Anti-terror law essential to nat’l security: group

SUPPORT ANTI-TERROR LAW. Members of the Liga Independencia Pilipinas, League of Parents of the Philippines, Movement of Women for Change and Reform, Youth Power Against Destabilization, Duterte Youth Party List, and Citizens Crime Watch stage demonstrations outside the Supreme Court on Tuesday (March 2, 2021). The high tribunal began hearing oral arguments on 37 petitions against the law. (Photo courtesy of Liga Independencia Pilipinas)

MANILA – The Anti-Terror Act (ATA) is essential to upholding “national security and the global fight against violence” perpetrated by rebels and other armed groups, a leader of a multi-sectoral organization said on Tuesday.

Jose Antonio Goitia, secretary-general of the Liga Independencia Pilipinas (LIPI), maintained that the ATA will help “liberate the people from the threats of violent extremism and radicalism”.

“To preserve our national principles, we must not give in to the egotistical, self-serving, and heedless intentions of a few. We must have faith in our government to take up the cudgels of defending our country,” Goitia said during a picket rally staged by various groups outside the Supreme Court, in support of the resumption of the oral arguments on the ATA of 2020.

Aside from LIPI, also present were members of the League of Parents of the Philippines or Liga ng mga Magulang, Yakap ng mga Magulang, Movement of Women for Change and Reform, Youth Power Against Destabilization, Duterte Youth Party List, and Citizens Crime Watch.

Goitia said Filipinos deserve to gain freedom against tyranny, oppression, violence, killings of innocents, and the long-standing armed insurgency brought by communist groups, Islamic extremists, and other rebel organizations in the country.

“To preserve our national principles, we must not give in to the egotistical, self-serving, and heedless intentions of a few. We must have faith in our government to take up the cudgels of defending our country,” he said.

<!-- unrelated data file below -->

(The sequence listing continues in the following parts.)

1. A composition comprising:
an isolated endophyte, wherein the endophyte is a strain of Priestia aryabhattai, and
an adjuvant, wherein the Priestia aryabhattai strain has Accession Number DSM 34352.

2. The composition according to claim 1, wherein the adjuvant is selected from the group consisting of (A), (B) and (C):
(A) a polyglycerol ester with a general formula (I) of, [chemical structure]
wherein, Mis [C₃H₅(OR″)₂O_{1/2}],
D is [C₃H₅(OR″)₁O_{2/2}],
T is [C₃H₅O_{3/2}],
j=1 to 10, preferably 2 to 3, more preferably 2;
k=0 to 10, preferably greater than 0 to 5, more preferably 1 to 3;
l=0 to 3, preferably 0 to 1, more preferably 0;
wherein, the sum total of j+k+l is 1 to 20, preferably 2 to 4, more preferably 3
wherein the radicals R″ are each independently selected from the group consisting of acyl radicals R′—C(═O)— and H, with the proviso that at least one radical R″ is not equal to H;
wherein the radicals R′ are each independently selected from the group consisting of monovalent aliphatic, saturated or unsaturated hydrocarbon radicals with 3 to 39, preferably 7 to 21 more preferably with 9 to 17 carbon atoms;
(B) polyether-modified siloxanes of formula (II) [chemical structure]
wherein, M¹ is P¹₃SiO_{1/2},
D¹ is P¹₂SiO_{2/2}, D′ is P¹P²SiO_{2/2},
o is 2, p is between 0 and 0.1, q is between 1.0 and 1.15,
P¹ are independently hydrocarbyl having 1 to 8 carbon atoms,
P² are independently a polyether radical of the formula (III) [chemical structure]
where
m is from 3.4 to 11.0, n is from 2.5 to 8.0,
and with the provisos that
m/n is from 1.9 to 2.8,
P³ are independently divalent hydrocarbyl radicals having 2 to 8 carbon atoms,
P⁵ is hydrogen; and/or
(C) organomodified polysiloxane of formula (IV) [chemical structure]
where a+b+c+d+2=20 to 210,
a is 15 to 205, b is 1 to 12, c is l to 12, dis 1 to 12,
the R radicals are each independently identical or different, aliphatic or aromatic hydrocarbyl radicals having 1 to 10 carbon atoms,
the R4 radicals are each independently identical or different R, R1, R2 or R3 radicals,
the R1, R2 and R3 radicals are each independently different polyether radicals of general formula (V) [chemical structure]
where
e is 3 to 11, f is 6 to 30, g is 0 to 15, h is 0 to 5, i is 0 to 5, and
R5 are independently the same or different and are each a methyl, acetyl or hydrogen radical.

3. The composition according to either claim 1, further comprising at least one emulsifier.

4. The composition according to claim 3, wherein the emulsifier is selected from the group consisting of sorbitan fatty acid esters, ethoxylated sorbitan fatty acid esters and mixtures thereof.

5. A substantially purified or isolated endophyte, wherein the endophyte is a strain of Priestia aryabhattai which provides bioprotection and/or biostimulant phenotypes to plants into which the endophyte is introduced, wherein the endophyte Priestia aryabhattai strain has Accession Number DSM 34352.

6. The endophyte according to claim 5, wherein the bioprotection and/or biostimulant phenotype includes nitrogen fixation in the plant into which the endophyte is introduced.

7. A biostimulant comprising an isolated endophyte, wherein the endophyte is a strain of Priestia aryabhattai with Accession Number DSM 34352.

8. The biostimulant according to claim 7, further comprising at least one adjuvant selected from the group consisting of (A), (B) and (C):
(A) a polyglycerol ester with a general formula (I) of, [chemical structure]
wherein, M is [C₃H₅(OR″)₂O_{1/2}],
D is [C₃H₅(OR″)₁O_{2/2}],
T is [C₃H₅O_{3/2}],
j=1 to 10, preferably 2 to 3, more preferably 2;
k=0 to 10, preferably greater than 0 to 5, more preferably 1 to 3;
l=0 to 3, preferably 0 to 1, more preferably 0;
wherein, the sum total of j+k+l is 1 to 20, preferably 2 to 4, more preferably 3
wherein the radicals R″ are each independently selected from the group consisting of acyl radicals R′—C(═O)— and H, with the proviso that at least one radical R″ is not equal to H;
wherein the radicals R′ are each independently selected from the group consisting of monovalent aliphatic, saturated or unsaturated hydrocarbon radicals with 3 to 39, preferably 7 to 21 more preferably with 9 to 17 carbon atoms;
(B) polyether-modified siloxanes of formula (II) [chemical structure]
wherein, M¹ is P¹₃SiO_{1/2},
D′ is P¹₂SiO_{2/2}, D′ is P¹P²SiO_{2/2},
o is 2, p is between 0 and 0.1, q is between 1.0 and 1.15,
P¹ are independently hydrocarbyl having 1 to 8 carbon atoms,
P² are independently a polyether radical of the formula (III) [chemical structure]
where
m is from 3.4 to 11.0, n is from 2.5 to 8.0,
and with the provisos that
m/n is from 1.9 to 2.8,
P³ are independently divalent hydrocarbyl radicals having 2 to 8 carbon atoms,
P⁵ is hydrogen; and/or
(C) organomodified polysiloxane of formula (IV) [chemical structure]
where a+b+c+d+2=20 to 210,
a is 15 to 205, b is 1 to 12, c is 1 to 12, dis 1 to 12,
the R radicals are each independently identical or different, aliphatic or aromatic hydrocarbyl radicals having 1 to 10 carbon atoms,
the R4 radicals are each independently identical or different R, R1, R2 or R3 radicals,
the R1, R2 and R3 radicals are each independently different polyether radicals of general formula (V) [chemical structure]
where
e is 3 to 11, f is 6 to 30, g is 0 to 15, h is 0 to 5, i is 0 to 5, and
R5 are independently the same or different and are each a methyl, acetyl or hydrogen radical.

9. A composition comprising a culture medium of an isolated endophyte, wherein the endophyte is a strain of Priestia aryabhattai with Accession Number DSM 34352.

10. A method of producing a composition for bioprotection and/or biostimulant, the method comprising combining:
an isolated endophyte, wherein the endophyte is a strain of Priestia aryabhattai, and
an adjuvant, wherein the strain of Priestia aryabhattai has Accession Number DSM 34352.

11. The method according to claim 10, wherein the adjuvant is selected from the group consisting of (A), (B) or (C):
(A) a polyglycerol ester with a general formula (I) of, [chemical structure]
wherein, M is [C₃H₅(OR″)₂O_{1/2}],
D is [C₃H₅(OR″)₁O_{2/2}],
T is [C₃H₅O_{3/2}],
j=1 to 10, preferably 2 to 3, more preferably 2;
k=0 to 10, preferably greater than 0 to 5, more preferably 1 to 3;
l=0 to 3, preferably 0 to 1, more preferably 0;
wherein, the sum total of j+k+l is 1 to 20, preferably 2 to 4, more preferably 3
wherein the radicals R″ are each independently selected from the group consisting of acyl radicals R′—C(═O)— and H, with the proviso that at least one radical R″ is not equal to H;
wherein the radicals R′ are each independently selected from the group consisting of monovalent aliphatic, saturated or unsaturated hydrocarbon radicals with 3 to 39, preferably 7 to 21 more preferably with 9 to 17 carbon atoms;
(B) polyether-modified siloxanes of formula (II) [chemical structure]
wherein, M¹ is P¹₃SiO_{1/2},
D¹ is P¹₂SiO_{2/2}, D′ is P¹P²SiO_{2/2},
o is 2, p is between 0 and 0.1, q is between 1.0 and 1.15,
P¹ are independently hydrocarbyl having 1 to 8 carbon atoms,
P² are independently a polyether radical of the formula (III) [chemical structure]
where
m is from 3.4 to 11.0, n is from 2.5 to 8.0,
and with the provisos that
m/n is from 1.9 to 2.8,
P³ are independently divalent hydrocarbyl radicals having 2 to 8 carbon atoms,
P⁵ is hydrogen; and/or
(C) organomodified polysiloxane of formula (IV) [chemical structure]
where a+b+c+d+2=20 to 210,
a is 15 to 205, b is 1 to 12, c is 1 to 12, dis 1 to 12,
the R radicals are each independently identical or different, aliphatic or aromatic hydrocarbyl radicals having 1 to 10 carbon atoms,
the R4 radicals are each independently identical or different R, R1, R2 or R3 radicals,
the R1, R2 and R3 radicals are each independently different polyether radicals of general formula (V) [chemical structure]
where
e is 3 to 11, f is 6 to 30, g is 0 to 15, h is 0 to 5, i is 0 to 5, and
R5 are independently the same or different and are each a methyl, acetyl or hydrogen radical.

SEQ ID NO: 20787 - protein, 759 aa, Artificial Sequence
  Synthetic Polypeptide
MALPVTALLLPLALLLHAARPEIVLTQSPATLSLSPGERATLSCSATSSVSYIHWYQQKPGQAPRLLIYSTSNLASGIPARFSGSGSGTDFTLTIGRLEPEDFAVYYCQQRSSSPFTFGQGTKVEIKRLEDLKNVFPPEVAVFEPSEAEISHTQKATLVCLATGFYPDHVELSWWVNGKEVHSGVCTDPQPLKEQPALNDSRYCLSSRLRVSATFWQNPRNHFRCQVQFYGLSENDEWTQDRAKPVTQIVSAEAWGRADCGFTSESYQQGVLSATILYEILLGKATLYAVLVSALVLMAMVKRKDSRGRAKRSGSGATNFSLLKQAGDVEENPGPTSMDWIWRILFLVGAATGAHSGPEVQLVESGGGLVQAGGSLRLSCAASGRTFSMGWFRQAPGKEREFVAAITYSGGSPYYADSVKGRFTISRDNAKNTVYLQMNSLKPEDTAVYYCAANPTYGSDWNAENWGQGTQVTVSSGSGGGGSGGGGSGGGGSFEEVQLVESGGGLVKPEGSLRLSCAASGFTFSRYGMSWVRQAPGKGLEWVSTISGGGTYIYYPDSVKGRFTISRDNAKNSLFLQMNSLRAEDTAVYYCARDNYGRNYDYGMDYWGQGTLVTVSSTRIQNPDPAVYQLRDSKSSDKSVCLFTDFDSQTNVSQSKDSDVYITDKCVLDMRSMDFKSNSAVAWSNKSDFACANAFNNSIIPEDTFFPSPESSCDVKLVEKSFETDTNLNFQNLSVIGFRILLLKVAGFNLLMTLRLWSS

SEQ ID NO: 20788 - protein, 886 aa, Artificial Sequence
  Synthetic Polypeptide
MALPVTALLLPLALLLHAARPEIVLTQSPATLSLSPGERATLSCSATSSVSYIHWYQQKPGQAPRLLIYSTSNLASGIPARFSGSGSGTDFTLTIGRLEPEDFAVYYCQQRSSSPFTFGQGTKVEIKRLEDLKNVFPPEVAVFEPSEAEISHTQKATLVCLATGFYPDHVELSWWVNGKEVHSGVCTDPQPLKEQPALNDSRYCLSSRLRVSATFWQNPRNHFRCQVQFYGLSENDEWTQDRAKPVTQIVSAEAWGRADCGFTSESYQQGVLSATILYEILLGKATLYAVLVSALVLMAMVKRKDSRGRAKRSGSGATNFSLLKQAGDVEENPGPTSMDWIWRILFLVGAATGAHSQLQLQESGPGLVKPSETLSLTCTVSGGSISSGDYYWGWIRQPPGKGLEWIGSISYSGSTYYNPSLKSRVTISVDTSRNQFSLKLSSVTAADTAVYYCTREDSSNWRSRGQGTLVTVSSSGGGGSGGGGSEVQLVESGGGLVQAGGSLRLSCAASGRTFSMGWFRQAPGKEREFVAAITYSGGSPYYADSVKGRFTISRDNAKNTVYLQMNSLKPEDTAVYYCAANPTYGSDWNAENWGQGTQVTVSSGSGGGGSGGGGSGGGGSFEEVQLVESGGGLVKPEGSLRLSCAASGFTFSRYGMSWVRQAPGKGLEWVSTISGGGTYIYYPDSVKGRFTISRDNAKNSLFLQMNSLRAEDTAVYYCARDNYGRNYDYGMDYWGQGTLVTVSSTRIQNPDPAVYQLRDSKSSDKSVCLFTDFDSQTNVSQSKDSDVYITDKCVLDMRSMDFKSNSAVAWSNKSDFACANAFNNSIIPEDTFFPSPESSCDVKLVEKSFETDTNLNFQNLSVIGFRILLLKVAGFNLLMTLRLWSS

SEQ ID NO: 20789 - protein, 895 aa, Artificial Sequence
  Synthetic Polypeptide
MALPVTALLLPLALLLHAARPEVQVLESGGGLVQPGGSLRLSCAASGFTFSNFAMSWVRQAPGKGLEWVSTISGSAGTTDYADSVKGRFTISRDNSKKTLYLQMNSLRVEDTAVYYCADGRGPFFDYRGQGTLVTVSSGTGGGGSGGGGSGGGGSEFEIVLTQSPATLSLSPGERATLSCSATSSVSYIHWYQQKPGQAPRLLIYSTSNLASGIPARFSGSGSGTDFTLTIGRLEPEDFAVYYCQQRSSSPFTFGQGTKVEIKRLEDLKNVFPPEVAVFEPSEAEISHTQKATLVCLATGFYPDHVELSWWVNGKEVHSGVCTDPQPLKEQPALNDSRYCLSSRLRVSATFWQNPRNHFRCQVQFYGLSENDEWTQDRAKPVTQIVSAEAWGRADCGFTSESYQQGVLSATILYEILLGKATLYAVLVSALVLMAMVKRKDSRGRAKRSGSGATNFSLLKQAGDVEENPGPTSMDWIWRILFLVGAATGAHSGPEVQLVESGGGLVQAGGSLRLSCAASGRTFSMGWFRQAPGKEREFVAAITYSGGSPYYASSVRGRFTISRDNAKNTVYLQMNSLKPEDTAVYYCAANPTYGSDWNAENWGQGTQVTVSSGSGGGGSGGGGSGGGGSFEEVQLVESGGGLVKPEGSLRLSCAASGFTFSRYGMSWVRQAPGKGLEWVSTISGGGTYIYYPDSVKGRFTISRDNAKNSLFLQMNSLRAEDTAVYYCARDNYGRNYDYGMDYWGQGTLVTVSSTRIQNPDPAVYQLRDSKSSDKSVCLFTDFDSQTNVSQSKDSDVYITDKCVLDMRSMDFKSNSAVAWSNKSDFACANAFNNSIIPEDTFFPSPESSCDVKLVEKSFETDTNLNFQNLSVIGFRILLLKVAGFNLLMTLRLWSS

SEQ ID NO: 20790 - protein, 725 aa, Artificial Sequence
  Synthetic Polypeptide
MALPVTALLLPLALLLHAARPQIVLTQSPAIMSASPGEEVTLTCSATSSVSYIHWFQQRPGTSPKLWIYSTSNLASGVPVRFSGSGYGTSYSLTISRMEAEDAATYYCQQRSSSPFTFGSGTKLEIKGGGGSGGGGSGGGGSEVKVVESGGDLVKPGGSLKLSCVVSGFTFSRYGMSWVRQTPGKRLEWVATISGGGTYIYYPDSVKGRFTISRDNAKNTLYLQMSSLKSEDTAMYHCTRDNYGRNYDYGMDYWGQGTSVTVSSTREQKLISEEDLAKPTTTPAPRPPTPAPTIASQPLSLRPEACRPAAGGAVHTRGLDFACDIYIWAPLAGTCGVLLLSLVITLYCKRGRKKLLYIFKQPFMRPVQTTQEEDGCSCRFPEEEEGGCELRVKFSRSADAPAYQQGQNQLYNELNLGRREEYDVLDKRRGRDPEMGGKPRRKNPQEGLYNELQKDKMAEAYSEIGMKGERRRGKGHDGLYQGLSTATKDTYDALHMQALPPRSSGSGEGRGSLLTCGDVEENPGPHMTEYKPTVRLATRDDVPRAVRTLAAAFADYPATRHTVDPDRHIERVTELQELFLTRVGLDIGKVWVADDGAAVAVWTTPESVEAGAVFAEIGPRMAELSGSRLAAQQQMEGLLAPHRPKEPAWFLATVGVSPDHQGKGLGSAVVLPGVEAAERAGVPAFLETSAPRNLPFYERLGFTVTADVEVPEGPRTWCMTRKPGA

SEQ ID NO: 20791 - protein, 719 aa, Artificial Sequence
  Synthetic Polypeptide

He said the government must adopt measures that could prevent terrorists to freely operate, particularly in the far-flung areas, and to stop the exploitation of vulnerable individuals. including indigenous peoples, women, and children.

The ATA, Goitia emphasized, could also protect Filipinos against some politicians and other personalities in the government sector covertly supporting terrorists such as the New People’s Army.

“The Philippines cannot idly stand by and let a few political hacks, whose intentions do not reflect the sentiment of the nation, destroy the work of our government to protect lives, rid our country of extremist elements as well as participate in the global stage in the fight against terror,” he added.

Goitia also cited “internal and external threats” that became visible as the country continues to grapple with the health crisis.

“Insurgents, criminal groups, and terrorists will take advantage of our vulnerabilities to consolidate or increase their power base and launch deadly attacks,” he added. ” Again, this starts with the law and cooperation with other countries. It is needed now.”

The 37 anti-ATA petitions submitted to the high court were baseless, Goitia insisted.

“We will not deal on the merits of the case as we already know that the petitioners’ arguments are weak and have no basis,” he said. (PNA)

Credit belongs to : www.pna.gov.ph

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